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WILLIAM D. SPARGO v. ZONING HEARING BOARD MUNICIPALITY BETHEL PARK AND MUNICIPALITY BETHEL PARK (07/28/89)

decided: July 28, 1989.

WILLIAM D. SPARGO, APPELLANT,
v.
ZONING HEARING BOARD OF THE MUNICIPALITY OF BETHEL PARK AND MUNICIPALITY OF BETHEL PARK, APPELLEES



Appeal from Allegheny Common Pleas Court, Honorable S. Louis Farino, Judge.

COUNSEL

Patrick R. Riley, Thomas J. Michael, Riley & DeFalice, P.C., Pittsburgh, for appellant.

John Linkosky, Victor R. Delle Donne, Baskin, Flaherty, Elliott & Mannino, P.C., Pittsburgh, for appellees.

Barry and Smith, JJ., and Narick, Senior Judge.

Author: Smith

[ 128 Pa. Commw. Page 196]

Appellant, Dr. William D. Spargo, D.D.S. (Dr. Spargo), appeals from a decision of the Court of Common Pleas of Allegheny County, Pennsylvania, upholding the finding of the Zoning Hearing Board of Bethel Park (Board) that Dr. Spargo was in violation of Bethel Park Zoning Ordinance No. 12-19-66A of November 14, 1966, as amended in 1981 (Ordinance). The trial court's decision is affirmed.

Dr. Spargo is the owner of property located at 3209 Wellsview Road in the municipality of Bethel Park, Pennsylvania (Bethel Park). In March, 1972 Dr. Spargo was issued a building permit by Bethel Park for minor interior renovations of the property to accommodate its use as his dental office. Under the zoning ordinance in effect at the time, the property was zoned as an R-3 District. N.T., September 21, 1987 Hearing, p. 5. Among the permitted uses enumerated in the applicable Ordinance in an R-3 zoned district is a one-family detached dwelling and certain accessory uses. Ordinance, Article III, § 301 and N.T., September 21, 1987 Hearing, p. 5. Accessory use is defined in the ordinance as "[a] building or use customarily incidental and subordinate to the principal building or use and located on the same lot with such principal building or use." Ordinance, Article II, § 202. Among the accessory uses permitted in an R-3 zoned district is a "home occupation" which is defined in pertinent part as "[a]n accessory use of a service character customarily conducted within a dwelling by the residents, which is clearly secondary to the use of the dwelling for living purposes and does not change the character thereof or have any exterior evidence of such secondary use other than a small name plate, . . . ." Ordinance, Article II, § 202. A dental office was permitted as a home occupation accessory use of the dwelling and no more than one employee was permitted at a home occupation accessory use under the ordinance. Ordinance, Article II, § 202.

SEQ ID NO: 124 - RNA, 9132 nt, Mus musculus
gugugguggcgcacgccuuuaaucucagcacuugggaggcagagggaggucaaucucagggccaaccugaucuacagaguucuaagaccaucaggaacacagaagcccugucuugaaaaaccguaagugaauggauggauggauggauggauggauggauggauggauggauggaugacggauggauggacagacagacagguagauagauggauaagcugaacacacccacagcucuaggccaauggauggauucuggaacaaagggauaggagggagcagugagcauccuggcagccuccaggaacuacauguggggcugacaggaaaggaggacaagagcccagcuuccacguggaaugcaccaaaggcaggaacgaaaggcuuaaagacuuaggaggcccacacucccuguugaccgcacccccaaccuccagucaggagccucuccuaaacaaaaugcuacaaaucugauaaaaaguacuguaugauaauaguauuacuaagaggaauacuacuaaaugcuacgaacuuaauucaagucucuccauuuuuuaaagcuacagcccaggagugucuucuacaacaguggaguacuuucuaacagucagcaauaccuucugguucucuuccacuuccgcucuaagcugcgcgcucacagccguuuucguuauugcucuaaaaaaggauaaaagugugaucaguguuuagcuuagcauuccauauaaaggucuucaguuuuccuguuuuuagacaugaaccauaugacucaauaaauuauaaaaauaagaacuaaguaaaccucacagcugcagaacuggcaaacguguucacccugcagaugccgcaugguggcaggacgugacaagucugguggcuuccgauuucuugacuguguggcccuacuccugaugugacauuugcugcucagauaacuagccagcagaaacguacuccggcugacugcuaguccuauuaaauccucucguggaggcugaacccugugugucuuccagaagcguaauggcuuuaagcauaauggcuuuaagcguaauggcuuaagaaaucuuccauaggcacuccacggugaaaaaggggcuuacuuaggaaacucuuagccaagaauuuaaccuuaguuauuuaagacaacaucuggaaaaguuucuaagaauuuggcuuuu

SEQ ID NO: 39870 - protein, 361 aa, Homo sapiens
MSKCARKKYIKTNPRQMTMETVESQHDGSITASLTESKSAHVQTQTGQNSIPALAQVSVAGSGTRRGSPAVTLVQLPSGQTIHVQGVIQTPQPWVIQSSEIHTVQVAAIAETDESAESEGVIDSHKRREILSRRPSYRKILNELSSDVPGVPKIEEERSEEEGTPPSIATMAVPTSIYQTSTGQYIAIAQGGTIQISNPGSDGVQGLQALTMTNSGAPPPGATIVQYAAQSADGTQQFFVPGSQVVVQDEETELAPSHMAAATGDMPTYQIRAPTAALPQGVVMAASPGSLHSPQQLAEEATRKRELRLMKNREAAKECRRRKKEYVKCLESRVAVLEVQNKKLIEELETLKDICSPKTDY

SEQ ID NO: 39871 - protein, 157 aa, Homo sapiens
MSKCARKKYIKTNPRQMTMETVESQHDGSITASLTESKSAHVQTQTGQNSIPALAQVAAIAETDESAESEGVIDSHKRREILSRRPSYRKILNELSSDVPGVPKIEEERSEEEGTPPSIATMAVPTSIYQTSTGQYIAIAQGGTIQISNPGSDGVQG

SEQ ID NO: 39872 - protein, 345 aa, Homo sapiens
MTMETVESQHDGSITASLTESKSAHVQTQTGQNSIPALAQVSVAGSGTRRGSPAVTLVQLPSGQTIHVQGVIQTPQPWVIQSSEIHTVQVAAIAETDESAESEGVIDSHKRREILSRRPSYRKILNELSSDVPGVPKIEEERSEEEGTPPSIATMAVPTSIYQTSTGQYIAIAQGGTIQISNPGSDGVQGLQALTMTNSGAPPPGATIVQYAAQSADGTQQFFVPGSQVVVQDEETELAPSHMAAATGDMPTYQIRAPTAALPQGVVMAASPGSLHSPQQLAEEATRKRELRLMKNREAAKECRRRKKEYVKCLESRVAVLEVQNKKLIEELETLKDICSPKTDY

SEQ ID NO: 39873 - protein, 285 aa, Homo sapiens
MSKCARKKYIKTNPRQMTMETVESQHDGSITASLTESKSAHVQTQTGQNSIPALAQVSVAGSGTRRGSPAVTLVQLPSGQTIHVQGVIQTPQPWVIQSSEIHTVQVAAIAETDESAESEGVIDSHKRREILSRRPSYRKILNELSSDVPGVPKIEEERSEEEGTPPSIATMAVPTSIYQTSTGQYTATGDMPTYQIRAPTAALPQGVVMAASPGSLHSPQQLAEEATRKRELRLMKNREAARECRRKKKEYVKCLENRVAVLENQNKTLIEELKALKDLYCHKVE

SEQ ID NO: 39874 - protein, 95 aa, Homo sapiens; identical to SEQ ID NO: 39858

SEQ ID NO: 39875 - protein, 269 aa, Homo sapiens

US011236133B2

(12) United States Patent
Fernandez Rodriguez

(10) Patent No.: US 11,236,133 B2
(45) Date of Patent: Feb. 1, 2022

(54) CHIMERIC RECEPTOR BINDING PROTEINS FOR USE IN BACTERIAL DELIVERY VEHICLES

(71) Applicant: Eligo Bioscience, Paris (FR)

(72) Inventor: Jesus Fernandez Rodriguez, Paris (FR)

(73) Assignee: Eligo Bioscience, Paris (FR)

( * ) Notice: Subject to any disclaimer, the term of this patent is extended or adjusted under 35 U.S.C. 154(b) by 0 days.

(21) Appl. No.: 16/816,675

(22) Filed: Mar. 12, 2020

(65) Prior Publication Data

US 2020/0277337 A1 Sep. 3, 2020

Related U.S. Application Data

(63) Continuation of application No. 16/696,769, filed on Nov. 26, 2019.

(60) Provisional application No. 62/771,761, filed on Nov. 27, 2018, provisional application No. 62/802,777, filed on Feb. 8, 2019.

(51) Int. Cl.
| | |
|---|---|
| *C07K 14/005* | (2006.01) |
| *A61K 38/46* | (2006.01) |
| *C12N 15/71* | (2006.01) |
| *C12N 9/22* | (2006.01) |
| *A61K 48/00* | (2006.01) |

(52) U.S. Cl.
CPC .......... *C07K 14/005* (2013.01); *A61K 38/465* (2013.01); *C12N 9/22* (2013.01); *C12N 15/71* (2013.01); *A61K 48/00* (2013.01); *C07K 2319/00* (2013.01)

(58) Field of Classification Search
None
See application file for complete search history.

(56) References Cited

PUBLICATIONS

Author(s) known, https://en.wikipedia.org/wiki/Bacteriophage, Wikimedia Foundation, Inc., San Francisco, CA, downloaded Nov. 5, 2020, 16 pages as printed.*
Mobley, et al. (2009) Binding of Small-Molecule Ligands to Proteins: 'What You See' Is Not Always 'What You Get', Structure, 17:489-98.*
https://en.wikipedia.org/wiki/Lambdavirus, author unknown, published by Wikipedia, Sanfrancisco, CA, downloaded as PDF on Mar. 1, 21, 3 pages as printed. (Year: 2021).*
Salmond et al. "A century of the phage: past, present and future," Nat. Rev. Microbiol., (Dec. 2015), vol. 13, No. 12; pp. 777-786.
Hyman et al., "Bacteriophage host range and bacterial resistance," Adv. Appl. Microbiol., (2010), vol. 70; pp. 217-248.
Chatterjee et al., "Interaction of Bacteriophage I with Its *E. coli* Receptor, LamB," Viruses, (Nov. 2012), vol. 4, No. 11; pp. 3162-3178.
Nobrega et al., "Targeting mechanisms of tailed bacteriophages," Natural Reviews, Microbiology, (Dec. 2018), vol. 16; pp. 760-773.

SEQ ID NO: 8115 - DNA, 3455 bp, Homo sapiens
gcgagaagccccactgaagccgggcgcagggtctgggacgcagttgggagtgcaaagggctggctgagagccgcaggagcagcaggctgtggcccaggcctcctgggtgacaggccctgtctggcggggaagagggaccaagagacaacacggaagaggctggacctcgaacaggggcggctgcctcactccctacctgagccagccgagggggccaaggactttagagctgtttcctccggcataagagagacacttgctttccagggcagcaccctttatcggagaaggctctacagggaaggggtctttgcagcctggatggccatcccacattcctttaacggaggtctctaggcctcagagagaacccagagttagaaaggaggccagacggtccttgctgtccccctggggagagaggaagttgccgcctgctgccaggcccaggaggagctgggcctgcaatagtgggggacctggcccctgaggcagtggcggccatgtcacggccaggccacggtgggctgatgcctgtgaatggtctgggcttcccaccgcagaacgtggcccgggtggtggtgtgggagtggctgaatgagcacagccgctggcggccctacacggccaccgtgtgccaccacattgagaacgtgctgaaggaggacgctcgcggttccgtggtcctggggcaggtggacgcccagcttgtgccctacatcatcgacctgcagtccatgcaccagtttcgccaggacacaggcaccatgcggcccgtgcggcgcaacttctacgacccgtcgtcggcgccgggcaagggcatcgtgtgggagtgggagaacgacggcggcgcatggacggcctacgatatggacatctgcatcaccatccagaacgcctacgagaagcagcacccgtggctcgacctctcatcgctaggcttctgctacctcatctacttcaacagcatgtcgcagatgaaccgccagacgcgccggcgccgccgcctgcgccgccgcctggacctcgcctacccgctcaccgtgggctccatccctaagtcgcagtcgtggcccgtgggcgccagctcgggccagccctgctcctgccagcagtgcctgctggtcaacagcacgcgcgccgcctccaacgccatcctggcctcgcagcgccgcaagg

[ 128 Pa. Commw. Page 197]